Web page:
A Humorous Look at the Writing Life from the AWP18 Conference

Because it’s Monday and I’m still recovering from a weekend of yardwork, this post is going to be about a less serious, but still relevant and useful, topic at the AWP18 conference. The discussion was titled “The Worst Writing Advice I Ever Got”.  Amazingly, bad advice is a huge part of the writing life. It’s offered freely, often by people who actually have no idea what they’re talking about! Given this, I was eager to get a few laughs in before the conference ended, but to also learn some effective strategies for dealing with the cynics and wet blankets I come into contact with.

I really enjoyed the advice that two of the panelists, writer Min Jin Lee and author Chris Abani, had to share about the counterproductive guidance and unhelpful writing tips they’d received.

Min Jin Lee immediately endeared herself to me by opening with the statement that she didn’t have an MFA (Master of Fine Arts) but had still managed to infiltrate AWP! The worst advice she received was that, if you’re a serious writer, you’re not supposed to care about marketing your work. In fact, she asserted, marketing should not be beneath our contempt. We should all strive to be “Literary Citizens”, letting readers know about what we’re writing in a variety of ways, including social media. She also wished she had understood from the start just how complicated the whole advice issue can be as she quickly discovered that the fact that writers don’t like authority, unfortunately comes into direct conflict with the fact that they need guidance in some areas.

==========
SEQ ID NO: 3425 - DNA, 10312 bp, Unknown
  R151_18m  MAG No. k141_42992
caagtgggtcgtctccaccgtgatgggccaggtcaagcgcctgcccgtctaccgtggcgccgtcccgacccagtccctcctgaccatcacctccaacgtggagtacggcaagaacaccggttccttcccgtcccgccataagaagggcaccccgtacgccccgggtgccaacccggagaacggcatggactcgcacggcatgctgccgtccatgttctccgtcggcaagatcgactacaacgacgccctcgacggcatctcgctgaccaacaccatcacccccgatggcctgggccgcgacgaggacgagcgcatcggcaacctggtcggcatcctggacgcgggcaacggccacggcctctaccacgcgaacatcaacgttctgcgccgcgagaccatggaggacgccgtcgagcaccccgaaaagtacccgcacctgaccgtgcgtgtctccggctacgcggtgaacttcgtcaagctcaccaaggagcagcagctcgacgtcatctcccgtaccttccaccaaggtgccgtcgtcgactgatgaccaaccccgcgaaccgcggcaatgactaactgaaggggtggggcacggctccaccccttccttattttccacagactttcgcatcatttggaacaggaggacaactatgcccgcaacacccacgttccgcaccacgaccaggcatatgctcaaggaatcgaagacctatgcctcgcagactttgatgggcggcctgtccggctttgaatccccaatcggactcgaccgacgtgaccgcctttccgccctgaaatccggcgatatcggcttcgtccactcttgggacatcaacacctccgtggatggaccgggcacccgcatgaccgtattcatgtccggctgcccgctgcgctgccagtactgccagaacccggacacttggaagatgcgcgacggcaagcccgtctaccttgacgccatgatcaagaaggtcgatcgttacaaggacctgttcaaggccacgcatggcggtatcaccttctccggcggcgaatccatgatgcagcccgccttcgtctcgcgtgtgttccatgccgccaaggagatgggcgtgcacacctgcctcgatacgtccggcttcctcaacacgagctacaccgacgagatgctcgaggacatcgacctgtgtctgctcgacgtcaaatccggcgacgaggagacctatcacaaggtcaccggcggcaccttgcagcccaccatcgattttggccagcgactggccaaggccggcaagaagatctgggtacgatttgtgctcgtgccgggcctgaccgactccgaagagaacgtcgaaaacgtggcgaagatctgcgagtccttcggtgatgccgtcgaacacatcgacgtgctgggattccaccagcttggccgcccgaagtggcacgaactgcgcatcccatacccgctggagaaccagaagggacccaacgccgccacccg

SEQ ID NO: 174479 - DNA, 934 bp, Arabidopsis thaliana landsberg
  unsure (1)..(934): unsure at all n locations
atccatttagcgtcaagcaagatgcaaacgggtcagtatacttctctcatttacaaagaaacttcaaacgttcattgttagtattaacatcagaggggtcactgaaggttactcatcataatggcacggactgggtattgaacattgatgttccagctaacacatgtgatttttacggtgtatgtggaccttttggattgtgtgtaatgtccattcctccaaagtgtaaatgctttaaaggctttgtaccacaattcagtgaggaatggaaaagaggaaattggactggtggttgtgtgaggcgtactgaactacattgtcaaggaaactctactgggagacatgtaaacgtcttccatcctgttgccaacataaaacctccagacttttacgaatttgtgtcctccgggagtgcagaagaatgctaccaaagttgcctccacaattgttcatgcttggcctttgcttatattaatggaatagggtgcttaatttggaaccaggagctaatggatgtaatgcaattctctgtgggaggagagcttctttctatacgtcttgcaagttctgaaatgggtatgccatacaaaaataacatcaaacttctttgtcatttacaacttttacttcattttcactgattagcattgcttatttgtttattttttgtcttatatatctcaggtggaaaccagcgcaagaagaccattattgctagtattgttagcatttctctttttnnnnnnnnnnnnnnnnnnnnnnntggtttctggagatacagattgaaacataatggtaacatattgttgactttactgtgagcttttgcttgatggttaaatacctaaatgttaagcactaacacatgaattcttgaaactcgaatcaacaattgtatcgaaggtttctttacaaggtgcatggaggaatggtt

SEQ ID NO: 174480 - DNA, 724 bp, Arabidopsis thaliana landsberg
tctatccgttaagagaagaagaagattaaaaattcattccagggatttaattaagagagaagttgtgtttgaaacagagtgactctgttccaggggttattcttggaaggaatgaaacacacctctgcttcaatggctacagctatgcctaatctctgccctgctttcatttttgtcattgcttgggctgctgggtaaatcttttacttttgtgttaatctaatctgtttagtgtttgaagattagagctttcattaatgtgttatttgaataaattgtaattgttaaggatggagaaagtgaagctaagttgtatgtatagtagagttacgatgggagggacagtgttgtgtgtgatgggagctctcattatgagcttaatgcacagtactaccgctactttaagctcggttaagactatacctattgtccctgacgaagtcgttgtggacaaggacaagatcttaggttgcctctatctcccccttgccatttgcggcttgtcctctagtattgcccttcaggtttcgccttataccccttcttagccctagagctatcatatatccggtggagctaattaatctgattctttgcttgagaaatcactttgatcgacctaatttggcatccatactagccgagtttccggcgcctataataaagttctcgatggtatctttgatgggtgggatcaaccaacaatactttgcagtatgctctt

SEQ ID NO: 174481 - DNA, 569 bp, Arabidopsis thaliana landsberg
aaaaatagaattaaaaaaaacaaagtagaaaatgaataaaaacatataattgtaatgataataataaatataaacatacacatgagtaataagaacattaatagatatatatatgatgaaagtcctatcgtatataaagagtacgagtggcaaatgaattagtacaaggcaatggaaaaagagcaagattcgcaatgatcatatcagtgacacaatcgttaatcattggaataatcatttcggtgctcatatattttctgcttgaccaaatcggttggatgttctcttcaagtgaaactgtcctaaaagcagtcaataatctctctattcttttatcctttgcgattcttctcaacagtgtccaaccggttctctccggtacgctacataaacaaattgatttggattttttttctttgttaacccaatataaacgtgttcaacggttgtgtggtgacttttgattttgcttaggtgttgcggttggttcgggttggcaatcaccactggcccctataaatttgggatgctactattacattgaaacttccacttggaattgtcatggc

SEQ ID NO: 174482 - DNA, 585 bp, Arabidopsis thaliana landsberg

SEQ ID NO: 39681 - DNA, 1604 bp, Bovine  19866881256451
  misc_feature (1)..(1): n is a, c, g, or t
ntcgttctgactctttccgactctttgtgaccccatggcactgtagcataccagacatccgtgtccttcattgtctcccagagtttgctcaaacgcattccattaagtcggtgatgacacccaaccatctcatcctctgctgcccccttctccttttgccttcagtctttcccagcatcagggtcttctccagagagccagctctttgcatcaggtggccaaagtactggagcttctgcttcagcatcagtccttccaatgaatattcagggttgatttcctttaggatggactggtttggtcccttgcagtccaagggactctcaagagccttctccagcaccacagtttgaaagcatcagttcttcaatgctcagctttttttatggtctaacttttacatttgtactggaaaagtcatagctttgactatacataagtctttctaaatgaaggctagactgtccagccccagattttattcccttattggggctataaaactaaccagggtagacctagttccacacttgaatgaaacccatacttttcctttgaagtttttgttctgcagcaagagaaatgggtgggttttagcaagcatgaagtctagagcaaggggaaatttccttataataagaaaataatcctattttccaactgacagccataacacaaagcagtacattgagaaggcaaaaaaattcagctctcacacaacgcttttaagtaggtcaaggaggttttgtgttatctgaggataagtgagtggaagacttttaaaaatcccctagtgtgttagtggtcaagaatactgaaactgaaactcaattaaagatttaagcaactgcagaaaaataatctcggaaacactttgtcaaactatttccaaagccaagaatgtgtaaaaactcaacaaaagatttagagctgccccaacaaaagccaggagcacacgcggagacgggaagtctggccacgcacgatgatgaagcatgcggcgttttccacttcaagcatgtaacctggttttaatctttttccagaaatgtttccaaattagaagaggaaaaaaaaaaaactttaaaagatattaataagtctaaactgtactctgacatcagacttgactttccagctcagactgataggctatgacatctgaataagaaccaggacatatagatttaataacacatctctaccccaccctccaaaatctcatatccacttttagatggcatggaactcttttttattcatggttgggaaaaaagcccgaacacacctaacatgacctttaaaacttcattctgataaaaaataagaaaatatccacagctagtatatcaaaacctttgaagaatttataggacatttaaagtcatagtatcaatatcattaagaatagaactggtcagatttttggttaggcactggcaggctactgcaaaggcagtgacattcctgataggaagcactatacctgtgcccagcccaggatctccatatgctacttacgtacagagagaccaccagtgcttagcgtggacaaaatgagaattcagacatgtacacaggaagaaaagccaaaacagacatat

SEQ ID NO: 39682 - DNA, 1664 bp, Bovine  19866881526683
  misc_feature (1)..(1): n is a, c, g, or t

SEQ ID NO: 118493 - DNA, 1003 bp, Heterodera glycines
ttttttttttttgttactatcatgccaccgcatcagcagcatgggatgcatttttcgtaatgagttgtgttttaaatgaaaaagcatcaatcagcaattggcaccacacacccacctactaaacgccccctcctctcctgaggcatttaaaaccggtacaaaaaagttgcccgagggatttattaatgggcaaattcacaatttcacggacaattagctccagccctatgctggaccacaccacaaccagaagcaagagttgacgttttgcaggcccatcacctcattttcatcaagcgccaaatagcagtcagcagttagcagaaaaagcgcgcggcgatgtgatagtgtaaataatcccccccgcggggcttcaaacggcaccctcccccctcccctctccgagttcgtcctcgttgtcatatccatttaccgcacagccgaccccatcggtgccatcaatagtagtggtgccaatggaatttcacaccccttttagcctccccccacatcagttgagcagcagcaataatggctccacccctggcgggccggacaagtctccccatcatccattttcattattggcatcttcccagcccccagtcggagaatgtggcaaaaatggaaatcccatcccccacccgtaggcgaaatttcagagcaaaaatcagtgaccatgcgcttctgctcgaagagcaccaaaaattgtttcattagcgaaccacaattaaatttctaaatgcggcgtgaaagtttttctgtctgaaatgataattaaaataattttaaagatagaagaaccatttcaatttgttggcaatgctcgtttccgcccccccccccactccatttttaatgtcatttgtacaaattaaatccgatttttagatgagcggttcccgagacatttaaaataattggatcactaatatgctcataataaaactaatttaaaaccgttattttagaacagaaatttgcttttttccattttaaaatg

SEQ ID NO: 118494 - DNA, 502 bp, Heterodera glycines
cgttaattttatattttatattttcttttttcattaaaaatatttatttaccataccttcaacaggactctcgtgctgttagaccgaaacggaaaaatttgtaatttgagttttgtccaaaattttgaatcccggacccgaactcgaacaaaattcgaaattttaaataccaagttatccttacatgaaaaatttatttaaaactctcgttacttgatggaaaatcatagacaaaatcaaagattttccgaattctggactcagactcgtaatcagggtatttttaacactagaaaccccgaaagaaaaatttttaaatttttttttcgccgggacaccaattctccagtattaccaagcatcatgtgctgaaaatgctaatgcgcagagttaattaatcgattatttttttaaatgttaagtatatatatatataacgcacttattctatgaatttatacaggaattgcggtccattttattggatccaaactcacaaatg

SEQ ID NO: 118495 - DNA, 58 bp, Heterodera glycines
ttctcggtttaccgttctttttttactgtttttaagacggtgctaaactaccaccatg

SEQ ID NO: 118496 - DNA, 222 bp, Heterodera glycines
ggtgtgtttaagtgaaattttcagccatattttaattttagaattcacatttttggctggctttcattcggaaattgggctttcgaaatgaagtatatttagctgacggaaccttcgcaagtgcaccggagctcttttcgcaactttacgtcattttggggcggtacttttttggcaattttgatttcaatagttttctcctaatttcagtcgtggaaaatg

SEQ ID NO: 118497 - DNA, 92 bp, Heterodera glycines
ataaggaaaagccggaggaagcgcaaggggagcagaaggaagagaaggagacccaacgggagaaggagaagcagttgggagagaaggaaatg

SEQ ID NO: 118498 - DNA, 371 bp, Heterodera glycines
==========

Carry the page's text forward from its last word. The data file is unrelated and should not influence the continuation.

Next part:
Chris Abani had a few favorite pieces of bad advice that he’s ignored, such as “Write what you know” or “Don’t publish this book; it will end your career!”  His response is that only writing what you know is boring and that it’s best to save your particular neuroses for your personal life, rather than putting them on the page over and over again. Other bad advice he’s received comes from “career writers” who he described as vegetarians who only drink Evian water, don’t believe in the Internet, and tend towards “smoky” laughter. Writing should be like eating a pie, he elaborated. You buy it and you eat it, you don’t need to have a long conversation with it! He asserted that if you want to write you need to just do it. Don’t think about it, don’t talk about it, don’t wish and dream that you’re doing it. Many people want greatness, fame, and recognition-what they don’t want is to actually have to sit down and write the book.

Five More Tips about Good/Bad Writing Advice

  • The first seven drafts of your book are notes for the thing you’re actually trying to write.
  • Poetry has to be about proving how smart and intellectual you are.
  • Your writing is supposed to take you where you want to go, not where others think you should go (especially if they've never even spoken to you about your writing goals!).
  • “Do what you love and money will follow” should be rephrased as “Do what you love and get a job!"
  • Don’t constantly check the Amazon rankings of your book or read the reviews if it will interfere with your writing. If you do need to read them, try to learn from the negative ones. Whatever you do, don’t let them fester.

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